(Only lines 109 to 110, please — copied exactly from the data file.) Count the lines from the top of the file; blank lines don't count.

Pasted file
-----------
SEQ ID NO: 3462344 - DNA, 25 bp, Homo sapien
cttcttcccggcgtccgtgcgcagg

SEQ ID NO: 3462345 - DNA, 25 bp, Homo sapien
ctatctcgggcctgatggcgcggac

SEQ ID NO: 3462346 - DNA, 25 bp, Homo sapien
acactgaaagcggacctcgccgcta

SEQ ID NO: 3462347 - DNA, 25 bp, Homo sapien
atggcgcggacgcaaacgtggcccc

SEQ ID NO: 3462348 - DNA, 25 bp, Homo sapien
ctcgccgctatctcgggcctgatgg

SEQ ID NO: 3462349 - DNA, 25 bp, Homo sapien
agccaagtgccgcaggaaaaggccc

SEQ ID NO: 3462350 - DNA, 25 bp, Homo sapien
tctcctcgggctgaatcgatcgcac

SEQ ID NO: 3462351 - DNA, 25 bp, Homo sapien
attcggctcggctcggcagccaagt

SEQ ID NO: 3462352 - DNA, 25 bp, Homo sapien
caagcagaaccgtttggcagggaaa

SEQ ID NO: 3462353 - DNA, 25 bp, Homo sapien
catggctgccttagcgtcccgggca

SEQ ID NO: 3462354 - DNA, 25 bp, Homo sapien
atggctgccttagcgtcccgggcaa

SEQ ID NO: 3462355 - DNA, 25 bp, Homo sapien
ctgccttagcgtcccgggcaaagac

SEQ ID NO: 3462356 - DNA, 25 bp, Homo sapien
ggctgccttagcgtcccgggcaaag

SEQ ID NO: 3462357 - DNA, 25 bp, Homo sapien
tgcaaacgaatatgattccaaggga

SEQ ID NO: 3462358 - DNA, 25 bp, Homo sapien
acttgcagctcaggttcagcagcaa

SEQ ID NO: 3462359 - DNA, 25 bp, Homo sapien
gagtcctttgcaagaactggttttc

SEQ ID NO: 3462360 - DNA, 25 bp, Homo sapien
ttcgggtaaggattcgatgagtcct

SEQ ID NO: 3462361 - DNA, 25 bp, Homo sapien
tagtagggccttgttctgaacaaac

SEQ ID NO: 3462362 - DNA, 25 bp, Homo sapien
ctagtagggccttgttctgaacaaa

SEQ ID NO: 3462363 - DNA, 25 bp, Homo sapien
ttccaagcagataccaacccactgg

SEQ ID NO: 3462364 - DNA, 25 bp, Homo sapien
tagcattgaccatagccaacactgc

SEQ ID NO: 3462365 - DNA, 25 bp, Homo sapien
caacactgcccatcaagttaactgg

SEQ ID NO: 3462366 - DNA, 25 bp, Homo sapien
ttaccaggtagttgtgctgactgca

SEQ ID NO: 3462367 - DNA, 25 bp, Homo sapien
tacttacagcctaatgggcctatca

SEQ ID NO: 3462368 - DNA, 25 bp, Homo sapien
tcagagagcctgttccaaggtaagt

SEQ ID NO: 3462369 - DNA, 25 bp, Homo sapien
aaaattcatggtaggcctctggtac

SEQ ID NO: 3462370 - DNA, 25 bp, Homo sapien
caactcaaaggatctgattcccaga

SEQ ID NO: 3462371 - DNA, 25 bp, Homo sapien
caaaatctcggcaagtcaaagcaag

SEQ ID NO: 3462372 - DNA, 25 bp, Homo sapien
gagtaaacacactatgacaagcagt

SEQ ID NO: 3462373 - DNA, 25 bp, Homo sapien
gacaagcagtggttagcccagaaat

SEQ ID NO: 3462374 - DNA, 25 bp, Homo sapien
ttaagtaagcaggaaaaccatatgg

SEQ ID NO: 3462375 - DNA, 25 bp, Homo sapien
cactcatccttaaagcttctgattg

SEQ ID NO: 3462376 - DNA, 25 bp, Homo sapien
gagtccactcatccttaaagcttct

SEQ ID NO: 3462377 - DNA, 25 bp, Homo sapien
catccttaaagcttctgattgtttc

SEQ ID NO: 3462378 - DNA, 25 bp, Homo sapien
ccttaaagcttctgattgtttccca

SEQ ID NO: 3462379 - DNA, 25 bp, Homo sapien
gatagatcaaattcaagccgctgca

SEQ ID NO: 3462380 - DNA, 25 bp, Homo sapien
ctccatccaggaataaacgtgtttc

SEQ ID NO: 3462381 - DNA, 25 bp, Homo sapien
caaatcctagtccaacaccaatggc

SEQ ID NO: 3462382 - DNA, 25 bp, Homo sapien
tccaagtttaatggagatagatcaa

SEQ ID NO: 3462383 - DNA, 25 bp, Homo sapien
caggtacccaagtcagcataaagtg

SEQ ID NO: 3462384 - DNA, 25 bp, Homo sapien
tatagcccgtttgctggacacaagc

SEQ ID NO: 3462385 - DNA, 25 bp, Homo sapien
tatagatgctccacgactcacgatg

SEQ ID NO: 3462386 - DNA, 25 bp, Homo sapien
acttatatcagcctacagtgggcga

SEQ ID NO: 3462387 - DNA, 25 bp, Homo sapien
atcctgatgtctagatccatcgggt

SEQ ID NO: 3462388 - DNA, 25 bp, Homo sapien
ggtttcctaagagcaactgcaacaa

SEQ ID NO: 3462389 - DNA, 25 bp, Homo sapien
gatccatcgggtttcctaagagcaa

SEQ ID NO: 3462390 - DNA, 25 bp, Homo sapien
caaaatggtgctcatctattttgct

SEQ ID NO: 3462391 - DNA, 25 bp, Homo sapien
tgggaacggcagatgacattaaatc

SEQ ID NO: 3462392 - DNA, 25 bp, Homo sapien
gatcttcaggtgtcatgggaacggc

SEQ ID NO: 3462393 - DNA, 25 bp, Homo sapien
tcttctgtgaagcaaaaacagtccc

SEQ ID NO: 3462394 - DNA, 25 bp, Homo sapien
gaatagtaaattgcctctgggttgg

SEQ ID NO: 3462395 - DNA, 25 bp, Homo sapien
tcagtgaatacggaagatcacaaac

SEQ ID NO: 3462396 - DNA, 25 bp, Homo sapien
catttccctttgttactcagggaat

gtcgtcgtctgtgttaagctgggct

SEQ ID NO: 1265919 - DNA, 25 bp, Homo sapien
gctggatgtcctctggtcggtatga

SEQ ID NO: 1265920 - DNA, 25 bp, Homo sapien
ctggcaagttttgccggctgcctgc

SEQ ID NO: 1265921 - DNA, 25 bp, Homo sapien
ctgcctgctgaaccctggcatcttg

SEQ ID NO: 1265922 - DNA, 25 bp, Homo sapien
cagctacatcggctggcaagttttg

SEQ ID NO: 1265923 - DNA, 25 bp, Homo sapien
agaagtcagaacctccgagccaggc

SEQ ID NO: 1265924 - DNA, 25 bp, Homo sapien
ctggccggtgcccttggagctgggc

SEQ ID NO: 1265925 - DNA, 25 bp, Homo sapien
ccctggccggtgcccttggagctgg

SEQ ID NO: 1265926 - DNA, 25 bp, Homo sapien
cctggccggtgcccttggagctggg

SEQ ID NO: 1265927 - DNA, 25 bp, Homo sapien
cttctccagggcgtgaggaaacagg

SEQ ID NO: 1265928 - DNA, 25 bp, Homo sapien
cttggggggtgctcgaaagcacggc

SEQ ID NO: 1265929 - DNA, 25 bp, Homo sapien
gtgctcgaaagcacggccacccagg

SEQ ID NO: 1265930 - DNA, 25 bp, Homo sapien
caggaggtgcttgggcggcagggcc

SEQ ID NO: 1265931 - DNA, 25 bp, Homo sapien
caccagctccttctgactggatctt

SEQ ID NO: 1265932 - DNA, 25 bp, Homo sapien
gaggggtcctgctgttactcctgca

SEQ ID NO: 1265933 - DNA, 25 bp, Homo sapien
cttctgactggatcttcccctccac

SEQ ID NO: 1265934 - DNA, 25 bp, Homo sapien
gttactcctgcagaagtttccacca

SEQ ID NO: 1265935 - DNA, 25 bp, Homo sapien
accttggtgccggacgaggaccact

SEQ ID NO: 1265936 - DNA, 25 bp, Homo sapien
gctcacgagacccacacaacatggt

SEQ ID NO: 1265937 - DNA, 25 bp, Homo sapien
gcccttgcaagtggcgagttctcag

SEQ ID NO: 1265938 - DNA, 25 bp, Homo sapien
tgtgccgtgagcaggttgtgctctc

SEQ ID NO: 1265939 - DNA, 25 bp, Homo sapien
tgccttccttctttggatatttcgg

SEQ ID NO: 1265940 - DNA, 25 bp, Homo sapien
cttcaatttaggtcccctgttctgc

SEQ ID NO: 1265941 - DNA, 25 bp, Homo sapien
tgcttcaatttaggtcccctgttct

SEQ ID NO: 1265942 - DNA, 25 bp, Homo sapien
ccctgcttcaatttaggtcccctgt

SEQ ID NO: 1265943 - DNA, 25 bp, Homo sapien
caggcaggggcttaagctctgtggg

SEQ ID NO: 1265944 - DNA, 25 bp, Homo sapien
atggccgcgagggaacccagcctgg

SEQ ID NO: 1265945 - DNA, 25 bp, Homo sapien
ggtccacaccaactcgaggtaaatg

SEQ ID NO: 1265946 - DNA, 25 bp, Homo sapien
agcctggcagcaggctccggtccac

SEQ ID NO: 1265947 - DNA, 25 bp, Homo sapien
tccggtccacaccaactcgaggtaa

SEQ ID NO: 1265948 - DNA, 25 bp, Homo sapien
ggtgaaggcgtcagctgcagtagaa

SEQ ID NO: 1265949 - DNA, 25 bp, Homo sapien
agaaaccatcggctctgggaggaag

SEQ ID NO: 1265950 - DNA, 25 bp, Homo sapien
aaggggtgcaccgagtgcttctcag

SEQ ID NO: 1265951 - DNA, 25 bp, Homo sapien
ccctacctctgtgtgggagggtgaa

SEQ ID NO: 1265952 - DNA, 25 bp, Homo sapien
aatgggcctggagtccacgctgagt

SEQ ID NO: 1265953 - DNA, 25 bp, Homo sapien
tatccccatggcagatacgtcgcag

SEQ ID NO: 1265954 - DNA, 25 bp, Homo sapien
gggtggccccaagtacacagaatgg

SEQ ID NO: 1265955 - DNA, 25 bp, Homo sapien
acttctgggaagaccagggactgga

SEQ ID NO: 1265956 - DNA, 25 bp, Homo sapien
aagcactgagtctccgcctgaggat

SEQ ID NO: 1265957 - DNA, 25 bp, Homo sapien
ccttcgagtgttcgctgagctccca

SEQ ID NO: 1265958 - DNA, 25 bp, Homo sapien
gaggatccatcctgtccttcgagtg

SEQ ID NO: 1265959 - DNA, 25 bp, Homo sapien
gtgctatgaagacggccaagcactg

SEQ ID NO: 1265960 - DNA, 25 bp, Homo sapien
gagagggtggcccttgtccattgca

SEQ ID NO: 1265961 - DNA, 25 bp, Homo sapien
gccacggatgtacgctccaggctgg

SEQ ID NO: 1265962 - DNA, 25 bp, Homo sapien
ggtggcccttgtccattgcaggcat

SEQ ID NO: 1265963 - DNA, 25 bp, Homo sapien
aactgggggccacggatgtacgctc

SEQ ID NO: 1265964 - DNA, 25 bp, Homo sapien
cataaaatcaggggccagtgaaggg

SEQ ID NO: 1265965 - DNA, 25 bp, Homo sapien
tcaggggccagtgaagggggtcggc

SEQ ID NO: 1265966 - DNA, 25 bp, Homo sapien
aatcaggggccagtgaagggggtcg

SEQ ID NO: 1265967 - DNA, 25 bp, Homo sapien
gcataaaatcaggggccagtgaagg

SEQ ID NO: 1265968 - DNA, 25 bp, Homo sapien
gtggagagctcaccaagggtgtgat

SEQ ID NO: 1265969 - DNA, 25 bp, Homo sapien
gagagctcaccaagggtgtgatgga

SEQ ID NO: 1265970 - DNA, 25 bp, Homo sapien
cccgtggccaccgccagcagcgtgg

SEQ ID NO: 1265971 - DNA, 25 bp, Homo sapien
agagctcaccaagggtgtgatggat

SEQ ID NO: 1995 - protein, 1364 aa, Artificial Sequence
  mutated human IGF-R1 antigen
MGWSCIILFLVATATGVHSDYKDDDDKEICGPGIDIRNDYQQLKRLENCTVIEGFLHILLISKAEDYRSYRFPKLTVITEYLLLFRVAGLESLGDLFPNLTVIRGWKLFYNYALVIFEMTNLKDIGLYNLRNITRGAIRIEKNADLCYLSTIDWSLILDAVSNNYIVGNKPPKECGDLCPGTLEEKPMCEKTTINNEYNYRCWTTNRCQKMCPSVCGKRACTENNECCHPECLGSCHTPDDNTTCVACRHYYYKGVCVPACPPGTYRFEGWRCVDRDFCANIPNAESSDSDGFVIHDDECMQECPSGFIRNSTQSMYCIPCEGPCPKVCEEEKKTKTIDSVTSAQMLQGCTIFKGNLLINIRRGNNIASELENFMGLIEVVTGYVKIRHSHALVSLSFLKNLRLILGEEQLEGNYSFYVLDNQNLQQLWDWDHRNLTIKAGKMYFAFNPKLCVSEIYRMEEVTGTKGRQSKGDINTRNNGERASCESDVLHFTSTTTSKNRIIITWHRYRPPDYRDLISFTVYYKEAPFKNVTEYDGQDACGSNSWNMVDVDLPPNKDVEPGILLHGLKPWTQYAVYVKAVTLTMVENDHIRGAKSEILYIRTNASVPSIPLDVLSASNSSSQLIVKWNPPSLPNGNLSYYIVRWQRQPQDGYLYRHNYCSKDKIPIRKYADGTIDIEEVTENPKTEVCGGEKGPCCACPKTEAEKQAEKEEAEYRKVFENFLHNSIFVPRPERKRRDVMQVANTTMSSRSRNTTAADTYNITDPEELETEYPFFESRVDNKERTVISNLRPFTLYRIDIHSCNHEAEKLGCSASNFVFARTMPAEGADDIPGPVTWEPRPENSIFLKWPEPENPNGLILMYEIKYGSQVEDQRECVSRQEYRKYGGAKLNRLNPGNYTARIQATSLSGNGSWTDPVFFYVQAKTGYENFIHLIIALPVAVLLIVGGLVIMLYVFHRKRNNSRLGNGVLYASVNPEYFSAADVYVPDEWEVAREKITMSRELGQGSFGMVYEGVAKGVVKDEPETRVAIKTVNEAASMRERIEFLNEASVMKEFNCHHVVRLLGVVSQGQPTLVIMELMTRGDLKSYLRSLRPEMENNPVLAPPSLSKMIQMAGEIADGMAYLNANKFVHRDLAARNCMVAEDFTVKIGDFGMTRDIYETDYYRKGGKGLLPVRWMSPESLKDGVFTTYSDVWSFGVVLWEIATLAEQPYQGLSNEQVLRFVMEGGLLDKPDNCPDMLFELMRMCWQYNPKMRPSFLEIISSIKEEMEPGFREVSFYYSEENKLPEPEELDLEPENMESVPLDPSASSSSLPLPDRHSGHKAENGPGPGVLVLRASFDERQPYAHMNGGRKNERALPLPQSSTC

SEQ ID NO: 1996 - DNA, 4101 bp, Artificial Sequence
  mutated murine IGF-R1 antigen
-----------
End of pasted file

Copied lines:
gctggatgtcctctggtcggtatga

SEQ ID NO: 1265920 - DNA, 25 bp, Homo sapien